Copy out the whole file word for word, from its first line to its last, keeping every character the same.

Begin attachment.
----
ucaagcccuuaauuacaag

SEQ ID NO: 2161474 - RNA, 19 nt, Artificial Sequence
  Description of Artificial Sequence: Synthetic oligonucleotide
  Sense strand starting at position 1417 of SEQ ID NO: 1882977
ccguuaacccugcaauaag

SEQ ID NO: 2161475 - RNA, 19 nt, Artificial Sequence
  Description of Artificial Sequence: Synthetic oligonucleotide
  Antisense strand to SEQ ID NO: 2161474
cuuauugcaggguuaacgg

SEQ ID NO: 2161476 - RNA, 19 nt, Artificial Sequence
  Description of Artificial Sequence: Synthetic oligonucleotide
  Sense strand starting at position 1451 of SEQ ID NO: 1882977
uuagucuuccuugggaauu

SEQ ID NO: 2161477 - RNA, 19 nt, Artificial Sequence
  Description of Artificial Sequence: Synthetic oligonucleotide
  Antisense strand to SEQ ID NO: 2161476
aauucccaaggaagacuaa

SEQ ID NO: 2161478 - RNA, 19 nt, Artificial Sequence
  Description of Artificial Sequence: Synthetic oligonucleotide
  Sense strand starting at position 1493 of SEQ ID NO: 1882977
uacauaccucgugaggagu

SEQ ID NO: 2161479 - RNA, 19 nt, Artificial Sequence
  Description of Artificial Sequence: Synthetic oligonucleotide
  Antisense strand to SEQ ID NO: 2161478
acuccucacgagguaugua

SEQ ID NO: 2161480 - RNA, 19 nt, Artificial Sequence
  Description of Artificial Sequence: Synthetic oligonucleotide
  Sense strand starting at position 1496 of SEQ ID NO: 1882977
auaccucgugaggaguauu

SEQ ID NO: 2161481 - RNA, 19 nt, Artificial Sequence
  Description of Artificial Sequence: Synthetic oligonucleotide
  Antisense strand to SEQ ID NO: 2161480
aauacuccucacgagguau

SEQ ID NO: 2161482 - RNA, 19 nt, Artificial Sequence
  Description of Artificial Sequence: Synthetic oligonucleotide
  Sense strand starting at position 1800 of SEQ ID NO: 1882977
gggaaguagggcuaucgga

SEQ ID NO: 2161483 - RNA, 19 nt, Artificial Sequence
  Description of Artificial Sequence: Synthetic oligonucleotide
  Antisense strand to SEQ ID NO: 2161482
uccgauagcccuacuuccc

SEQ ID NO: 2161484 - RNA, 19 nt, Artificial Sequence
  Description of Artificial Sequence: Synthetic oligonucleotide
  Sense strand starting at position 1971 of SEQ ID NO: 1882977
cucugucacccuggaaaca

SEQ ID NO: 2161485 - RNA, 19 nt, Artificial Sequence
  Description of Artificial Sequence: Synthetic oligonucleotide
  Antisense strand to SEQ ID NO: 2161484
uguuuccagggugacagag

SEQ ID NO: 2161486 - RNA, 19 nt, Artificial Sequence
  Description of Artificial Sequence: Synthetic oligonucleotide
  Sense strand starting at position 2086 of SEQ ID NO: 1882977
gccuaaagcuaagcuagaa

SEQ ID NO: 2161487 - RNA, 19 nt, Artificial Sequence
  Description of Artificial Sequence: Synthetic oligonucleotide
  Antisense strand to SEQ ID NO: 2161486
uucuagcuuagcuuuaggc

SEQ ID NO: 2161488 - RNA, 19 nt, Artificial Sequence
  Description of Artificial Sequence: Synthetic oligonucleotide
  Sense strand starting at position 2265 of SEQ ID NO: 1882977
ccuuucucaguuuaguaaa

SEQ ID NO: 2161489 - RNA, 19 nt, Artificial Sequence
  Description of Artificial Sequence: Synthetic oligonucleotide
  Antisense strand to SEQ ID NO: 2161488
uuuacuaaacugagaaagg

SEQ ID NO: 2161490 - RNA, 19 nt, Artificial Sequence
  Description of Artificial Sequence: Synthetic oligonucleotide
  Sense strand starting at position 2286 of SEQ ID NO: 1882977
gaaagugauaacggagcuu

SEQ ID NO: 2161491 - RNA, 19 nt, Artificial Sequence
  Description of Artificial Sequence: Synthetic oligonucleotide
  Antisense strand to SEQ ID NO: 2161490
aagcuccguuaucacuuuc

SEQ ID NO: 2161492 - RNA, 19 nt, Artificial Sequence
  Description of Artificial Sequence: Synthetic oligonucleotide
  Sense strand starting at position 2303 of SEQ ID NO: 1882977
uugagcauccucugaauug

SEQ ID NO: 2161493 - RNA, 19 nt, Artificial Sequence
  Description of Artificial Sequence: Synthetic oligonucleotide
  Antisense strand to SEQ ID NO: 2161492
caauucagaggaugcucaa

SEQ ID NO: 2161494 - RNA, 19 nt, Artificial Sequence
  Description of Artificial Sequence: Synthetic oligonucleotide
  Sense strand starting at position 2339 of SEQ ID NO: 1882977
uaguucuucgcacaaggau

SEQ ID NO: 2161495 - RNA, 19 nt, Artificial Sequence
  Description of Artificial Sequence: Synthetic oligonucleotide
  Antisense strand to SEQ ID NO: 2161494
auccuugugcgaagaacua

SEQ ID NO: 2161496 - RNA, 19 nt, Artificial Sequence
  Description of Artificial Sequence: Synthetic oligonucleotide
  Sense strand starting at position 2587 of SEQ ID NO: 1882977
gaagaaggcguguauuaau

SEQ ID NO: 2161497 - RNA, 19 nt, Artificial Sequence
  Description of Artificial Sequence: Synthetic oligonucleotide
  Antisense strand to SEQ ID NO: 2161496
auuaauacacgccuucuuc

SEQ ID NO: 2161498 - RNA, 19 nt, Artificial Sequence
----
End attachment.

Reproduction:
ucaagcccuuaauuacaag

SEQ ID NO: 2161474 - RNA, 19 nt, Artificial Sequence
  Description of Artificial Sequence: Synthetic oligonucleotide
  Sense strand starting at position 1417 of SEQ ID NO: 1882977
ccguuaacccugcaauaag

SEQ ID NO: 2161475 - RNA, 19 nt, Artificial Sequence
  Description of Artificial Sequence: Synthetic oligonucleotide
  Antisense strand to SEQ ID NO: 2161474
cuuauugcaggguuaacgg

SEQ ID NO: 2161476 - RNA, 19 nt, Artificial Sequence
  Description of Artificial Sequence: Synthetic oligonucleotide
  Sense strand starting at position 1451 of SEQ ID NO: 1882977
uuagucuuccuugggaauu

SEQ ID NO: 2161477 - RNA, 19 nt, Artificial Sequence
  Description of Artificial Sequence: Synthetic oligonucleotide
  Antisense strand to SEQ ID NO: 2161476
aauucccaaggaagacuaa

SEQ ID NO: 2161478 - RNA, 19 nt, Artificial Sequence
  Description of Artificial Sequence: Synthetic oligonucleotide
  Sense strand starting at position 1493 of SEQ ID NO: 1882977
uacauaccucgugaggagu

SEQ ID NO: 2161479 - RNA, 19 nt, Artificial Sequence
  Description of Artificial Sequence: Synthetic oligonucleotide
  Antisense strand to SEQ ID NO: 2161478
acuccucacgagguaugua

SEQ ID NO: 2161480 - RNA, 19 nt, Artificial Sequence
  Description of Artificial Sequence: Synthetic oligonucleotide
  Sense strand starting at position 1496 of SEQ ID NO: 1882977
auaccucgugaggaguauu

SEQ ID NO: 2161481 - RNA, 19 nt, Artificial Sequence
  Description of Artificial Sequence: Synthetic oligonucleotide
  Antisense strand to SEQ ID NO: 2161480
aauacuccucacgagguau

SEQ ID NO: 2161482 - RNA, 19 nt, Artificial Sequence
  Description of Artificial Sequence: Synthetic oligonucleotide
  Sense strand starting at position 1800 of SEQ ID NO: 1882977
gggaaguagggcuaucgga

SEQ ID NO: 2161483 - RNA, 19 nt, Artificial Sequence
  Description of Artificial Sequence: Synthetic oligonucleotide
  Antisense strand to SEQ ID NO: 2161482
uccgauagcccuacuuccc

SEQ ID NO: 2161484 - RNA, 19 nt, Artificial Sequence
  Description of Artificial Sequence: Synthetic oligonucleotide
  Sense strand starting at position 1971 of SEQ ID NO: 1882977
cucugucacccuggaaaca

SEQ ID NO: 2161485 - RNA, 19 nt, Artificial Sequence
  Description of Artificial Sequence: Synthetic oligonucleotide
  Antisense strand to SEQ ID NO: 2161484
uguuuccagggugacagag

SEQ ID NO: 2161486 - RNA, 19 nt, Artificial Sequence
  Description of Artificial Sequence: Synthetic oligonucleotide
  Sense strand starting at position 2086 of SEQ ID NO: 1882977
gccuaaagcuaagcuagaa

SEQ ID NO: 2161487 - RNA, 19 nt, Artificial Sequence
  Description of Artificial Sequence: Synthetic oligonucleotide
  Antisense strand to SEQ ID NO: 2161486
uucuagcuuagcuuuaggc

SEQ ID NO: 2161488 - RNA, 19 nt, Artificial Sequence
  Description of Artificial Sequence: Synthetic oligonucleotide
  Sense strand starting at position 2265 of SEQ ID NO: 1882977
ccuuucucaguuuaguaaa

SEQ ID NO: 2161489 - RNA, 19 nt, Artificial Sequence
  Description of Artificial Sequence: Synthetic oligonucleotide
  Antisense strand to SEQ ID NO: 2161488
uuuacuaaacugagaaagg

SEQ ID NO: 2161490 - RNA, 19 nt, Artificial Sequence
  Description of Artificial Sequence: Synthetic oligonucleotide
  Sense strand starting at position 2286 of SEQ ID NO: 1882977
gaaagugauaacggagcuu

SEQ ID NO: 2161491 - RNA, 19 nt, Artificial Sequence
  Description of Artificial Sequence: Synthetic oligonucleotide
  Antisense strand to SEQ ID NO: 2161490
aagcuccguuaucacuuuc

SEQ ID NO: 2161492 - RNA, 19 nt, Artificial Sequence
  Description of Artificial Sequence: Synthetic oligonucleotide
  Sense strand starting at position 2303 of SEQ ID NO: 1882977
uugagcauccucugaauug

SEQ ID NO: 2161493 - RNA, 19 nt, Artificial Sequence
  Description of Artificial Sequence: Synthetic oligonucleotide
  Antisense strand to SEQ ID NO: 2161492
caauucagaggaugcucaa

SEQ ID NO: 2161494 - RNA, 19 nt, Artificial Sequence
  Description of Artificial Sequence: Synthetic oligonucleotide
  Sense strand starting at position 2339 of SEQ ID NO: 1882977
uaguucuucgcacaaggau

SEQ ID NO: 2161495 - RNA, 19 nt, Artificial Sequence
  Description of Artificial Sequence: Synthetic oligonucleotide
  Antisense strand to SEQ ID NO: 2161494
auccuugugcgaagaacua

SEQ ID NO: 2161496 - RNA, 19 nt, Artificial Sequence
  Description of Artificial Sequence: Synthetic oligonucleotide
  Sense strand starting at position 2587 of SEQ ID NO: 1882977
gaagaaggcguguauuaau

SEQ ID NO: 2161497 - RNA, 19 nt, Artificial Sequence
  Description of Artificial Sequence: Synthetic oligonucleotide
  Antisense strand to SEQ ID NO: 2161496
auuaauacacgccuucuuc

SEQ ID NO: 2161498 - RNA, 19 nt, Artificial Sequence